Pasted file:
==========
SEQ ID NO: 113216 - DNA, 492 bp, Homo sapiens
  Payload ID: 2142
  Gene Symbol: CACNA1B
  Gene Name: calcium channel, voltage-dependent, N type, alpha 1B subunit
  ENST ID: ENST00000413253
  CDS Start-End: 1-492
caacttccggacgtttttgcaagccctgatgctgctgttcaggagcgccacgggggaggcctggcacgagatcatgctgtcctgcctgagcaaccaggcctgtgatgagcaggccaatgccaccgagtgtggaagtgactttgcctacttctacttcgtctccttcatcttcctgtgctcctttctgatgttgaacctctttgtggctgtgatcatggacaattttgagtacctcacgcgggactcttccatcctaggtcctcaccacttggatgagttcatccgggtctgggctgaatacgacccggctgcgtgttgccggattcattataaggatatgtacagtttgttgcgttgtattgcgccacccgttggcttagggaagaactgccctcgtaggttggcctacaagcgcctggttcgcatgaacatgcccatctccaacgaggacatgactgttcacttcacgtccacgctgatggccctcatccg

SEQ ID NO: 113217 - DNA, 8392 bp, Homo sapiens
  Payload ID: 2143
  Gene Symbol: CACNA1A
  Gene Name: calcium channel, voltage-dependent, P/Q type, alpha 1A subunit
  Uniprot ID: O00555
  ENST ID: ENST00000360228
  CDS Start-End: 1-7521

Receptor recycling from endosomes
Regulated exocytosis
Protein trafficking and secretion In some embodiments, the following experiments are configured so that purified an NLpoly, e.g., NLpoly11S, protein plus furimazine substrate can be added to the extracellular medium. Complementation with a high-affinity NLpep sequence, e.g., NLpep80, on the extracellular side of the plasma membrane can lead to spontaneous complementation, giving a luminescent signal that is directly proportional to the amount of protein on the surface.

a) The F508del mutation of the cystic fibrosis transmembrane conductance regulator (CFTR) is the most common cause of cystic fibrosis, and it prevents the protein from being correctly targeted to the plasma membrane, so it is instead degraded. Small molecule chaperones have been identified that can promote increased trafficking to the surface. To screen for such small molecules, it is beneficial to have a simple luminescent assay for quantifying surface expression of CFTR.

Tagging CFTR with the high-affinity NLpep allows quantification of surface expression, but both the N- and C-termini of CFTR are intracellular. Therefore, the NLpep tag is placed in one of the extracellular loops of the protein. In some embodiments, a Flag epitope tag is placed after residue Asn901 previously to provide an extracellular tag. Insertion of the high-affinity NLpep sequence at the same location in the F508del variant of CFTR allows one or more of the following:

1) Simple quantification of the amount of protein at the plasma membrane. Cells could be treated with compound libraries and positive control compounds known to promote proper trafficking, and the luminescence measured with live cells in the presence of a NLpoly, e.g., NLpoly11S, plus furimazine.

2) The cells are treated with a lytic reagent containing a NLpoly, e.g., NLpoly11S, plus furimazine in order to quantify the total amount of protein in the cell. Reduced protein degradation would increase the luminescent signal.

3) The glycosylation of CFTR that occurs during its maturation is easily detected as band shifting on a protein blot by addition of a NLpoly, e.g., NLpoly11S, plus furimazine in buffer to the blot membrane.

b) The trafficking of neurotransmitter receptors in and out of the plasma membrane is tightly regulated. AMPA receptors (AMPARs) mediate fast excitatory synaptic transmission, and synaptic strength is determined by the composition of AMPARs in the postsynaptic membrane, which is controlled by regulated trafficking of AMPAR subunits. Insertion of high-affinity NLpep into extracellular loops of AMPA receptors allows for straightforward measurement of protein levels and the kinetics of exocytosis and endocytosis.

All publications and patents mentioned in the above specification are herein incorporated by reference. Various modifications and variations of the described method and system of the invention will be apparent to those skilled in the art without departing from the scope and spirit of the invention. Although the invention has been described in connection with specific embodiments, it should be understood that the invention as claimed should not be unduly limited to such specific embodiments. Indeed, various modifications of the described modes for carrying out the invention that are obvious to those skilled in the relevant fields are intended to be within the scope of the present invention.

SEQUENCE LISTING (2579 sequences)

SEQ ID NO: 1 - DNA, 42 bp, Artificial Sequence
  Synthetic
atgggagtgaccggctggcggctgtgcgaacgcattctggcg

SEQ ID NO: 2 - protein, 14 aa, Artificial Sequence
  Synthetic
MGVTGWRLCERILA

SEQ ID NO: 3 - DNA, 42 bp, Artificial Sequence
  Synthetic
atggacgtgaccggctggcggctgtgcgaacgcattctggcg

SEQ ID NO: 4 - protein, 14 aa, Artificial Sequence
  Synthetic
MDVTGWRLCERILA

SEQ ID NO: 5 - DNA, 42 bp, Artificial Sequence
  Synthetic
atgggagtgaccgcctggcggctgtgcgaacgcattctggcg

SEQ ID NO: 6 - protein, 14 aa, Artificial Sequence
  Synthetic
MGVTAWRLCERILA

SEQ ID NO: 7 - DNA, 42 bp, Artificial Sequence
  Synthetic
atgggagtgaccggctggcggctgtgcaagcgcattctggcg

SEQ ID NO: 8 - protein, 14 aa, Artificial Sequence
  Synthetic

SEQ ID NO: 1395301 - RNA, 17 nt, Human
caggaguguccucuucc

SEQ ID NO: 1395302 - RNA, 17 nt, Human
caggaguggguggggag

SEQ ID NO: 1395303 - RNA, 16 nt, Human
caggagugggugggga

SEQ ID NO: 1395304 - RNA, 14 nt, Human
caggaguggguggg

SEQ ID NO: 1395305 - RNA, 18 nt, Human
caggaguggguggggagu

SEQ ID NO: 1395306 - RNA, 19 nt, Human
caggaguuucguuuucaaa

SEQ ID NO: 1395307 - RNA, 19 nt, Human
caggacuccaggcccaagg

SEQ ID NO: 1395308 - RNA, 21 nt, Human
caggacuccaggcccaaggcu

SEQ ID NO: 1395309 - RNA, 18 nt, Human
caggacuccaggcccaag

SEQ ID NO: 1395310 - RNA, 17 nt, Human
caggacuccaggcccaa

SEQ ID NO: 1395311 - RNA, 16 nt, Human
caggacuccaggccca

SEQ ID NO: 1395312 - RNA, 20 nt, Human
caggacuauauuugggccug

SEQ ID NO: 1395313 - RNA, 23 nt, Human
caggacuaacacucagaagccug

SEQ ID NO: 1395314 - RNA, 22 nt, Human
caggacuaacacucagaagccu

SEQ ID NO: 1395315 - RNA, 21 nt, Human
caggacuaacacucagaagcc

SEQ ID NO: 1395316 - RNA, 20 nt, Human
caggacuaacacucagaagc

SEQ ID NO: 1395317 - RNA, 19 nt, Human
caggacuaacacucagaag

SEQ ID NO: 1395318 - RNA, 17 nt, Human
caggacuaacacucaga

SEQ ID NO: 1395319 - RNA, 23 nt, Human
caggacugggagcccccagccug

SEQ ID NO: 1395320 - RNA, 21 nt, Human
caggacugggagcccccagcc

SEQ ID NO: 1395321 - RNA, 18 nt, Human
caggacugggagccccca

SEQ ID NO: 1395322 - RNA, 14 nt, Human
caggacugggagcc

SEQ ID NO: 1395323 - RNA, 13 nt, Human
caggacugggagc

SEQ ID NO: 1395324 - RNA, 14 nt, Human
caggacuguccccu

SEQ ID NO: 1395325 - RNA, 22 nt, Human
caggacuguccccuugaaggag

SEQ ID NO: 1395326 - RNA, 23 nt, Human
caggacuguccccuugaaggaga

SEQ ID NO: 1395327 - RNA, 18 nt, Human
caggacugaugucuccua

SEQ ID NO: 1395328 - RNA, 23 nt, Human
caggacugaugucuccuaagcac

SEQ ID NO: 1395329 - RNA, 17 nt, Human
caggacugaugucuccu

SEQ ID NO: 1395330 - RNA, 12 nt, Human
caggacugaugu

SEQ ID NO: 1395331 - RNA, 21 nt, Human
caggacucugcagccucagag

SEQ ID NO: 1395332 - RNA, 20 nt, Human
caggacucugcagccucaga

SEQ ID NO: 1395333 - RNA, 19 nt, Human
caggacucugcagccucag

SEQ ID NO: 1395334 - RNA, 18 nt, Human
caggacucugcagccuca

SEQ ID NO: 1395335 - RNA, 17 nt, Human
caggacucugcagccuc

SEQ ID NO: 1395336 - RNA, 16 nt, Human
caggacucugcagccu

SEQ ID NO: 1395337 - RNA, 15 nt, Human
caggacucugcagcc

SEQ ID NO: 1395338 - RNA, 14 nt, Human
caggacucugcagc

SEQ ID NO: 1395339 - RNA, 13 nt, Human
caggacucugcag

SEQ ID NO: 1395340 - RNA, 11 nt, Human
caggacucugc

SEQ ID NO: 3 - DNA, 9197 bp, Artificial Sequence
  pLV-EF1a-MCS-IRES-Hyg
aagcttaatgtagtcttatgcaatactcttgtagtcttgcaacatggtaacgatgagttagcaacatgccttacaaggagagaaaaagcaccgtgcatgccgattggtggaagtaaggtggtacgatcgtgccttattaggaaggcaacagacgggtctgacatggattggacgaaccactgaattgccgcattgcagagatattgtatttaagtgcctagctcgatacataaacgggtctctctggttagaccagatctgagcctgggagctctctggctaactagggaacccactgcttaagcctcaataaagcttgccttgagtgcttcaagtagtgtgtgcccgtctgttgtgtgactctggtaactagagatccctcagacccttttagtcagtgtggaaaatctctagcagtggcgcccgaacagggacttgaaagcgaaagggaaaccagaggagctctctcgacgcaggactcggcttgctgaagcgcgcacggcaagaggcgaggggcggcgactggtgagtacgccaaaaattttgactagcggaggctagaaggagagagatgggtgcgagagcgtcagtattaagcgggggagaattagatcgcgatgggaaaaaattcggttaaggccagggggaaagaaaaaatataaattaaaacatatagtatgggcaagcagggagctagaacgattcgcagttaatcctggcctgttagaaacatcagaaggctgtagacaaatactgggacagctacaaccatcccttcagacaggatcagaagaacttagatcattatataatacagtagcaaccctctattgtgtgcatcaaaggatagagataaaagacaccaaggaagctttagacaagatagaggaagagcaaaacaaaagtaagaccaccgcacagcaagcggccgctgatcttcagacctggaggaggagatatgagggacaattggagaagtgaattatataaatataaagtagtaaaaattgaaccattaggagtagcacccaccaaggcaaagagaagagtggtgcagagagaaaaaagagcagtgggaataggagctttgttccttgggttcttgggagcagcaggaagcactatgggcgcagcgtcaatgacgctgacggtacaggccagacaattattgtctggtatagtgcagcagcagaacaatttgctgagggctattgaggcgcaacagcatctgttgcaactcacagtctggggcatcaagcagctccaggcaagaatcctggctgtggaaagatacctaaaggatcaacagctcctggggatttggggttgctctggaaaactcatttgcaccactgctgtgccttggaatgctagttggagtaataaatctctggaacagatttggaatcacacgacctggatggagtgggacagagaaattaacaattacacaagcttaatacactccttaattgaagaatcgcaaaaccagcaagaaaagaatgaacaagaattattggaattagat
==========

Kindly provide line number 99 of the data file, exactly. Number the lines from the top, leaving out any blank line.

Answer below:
SEQ ID NO: 1395326 - RNA, 23 nt, Human